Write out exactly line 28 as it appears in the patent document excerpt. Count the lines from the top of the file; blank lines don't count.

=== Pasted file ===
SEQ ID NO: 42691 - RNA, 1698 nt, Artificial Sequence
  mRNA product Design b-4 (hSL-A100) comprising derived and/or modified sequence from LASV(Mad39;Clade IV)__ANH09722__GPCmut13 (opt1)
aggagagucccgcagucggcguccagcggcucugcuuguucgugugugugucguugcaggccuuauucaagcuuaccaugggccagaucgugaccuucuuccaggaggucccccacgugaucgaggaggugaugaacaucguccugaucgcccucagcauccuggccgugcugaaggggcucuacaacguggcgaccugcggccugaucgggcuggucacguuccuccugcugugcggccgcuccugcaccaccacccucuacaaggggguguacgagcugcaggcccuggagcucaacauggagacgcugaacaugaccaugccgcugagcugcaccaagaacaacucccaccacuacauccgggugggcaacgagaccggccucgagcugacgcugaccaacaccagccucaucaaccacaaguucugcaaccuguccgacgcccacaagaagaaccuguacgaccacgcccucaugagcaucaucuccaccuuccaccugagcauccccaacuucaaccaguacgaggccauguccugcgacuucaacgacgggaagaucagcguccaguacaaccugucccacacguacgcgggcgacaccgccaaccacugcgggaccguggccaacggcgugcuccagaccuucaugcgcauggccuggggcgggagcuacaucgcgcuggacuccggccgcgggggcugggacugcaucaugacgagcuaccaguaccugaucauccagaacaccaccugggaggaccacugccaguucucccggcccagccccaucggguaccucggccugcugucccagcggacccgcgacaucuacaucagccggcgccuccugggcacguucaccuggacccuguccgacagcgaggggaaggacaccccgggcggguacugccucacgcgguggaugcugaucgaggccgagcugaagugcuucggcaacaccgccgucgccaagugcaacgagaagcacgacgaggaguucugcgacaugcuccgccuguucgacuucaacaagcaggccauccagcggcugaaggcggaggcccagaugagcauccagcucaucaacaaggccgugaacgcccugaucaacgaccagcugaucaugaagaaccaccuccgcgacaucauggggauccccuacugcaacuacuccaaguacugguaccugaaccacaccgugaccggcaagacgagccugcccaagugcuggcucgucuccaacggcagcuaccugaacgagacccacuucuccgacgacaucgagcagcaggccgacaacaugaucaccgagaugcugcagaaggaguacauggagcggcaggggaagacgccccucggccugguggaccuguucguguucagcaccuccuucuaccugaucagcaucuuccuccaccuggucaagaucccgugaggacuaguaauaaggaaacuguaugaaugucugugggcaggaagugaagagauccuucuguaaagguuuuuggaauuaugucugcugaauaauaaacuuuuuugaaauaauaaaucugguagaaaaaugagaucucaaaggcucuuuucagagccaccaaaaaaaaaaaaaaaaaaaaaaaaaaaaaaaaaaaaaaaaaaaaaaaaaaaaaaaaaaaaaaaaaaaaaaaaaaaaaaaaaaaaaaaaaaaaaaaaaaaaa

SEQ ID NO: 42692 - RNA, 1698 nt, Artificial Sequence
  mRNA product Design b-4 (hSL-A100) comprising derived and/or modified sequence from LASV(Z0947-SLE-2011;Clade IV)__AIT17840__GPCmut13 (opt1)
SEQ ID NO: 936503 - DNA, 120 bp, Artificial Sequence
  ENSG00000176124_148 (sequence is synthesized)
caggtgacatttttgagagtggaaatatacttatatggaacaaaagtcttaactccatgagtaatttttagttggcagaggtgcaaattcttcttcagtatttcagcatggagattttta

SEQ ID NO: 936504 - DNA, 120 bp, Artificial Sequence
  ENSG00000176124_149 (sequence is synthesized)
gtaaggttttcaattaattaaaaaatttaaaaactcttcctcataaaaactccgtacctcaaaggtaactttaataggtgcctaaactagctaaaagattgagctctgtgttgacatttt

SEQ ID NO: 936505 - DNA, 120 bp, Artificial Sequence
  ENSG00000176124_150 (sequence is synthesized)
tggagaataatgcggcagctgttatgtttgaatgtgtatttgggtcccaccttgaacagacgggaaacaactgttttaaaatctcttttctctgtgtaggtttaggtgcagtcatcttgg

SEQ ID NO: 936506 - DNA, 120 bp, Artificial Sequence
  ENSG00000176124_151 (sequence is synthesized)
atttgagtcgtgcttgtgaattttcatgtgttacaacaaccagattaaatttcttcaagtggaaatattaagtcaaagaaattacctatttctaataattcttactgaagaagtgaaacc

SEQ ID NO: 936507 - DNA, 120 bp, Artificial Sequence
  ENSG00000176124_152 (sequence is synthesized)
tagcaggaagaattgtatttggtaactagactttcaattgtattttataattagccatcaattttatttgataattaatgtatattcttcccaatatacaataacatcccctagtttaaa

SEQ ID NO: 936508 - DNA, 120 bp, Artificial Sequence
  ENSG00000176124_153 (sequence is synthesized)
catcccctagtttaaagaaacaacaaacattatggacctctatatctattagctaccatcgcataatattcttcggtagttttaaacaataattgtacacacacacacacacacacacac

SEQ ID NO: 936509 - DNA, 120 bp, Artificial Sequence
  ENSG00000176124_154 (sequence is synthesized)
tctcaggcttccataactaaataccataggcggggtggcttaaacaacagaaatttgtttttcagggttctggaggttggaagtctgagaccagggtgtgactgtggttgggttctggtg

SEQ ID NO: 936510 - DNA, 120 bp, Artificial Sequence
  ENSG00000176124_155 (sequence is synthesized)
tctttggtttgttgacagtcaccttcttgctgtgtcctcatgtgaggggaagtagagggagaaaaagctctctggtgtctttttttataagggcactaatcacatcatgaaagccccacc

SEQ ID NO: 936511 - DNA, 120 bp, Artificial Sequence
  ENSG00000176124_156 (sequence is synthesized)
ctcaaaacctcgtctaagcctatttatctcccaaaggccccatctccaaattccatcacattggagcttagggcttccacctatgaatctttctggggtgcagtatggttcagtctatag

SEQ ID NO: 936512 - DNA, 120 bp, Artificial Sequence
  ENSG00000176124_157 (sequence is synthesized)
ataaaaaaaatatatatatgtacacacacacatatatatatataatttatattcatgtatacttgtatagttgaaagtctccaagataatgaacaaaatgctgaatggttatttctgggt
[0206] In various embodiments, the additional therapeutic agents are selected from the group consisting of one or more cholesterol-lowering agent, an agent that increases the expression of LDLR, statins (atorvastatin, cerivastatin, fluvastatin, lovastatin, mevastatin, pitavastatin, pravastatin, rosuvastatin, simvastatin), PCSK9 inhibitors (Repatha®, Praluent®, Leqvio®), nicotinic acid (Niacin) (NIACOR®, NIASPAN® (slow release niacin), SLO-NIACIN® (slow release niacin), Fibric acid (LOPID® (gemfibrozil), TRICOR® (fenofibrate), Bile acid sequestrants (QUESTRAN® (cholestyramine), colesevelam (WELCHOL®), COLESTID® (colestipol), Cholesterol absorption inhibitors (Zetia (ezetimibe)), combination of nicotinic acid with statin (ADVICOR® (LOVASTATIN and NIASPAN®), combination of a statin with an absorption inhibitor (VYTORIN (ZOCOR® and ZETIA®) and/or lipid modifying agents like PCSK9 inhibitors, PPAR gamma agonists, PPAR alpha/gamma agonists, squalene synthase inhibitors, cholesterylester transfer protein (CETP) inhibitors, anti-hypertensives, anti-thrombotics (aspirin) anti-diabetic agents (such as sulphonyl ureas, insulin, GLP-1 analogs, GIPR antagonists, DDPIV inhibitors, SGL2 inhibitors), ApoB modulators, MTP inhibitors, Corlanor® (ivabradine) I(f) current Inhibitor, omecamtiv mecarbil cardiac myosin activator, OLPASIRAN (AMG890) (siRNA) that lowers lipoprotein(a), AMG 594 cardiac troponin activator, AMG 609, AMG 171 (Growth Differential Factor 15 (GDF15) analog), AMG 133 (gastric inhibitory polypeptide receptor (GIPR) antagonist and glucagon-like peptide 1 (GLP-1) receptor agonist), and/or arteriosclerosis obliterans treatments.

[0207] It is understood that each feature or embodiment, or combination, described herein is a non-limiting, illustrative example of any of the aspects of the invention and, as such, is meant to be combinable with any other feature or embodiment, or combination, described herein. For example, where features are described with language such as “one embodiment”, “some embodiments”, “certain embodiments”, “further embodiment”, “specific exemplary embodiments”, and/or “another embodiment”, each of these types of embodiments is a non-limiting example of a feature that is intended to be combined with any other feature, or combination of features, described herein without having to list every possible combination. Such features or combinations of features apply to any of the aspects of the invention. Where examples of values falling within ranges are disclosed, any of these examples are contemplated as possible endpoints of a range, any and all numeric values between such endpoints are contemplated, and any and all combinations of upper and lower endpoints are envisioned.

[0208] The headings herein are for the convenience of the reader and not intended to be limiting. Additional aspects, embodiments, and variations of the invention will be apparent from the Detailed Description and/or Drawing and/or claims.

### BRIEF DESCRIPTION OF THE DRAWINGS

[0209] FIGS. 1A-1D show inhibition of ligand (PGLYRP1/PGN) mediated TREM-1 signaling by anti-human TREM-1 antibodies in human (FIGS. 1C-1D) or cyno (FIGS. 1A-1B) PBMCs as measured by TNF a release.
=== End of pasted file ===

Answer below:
  ENSG00000176124_155 (sequence is synthesized)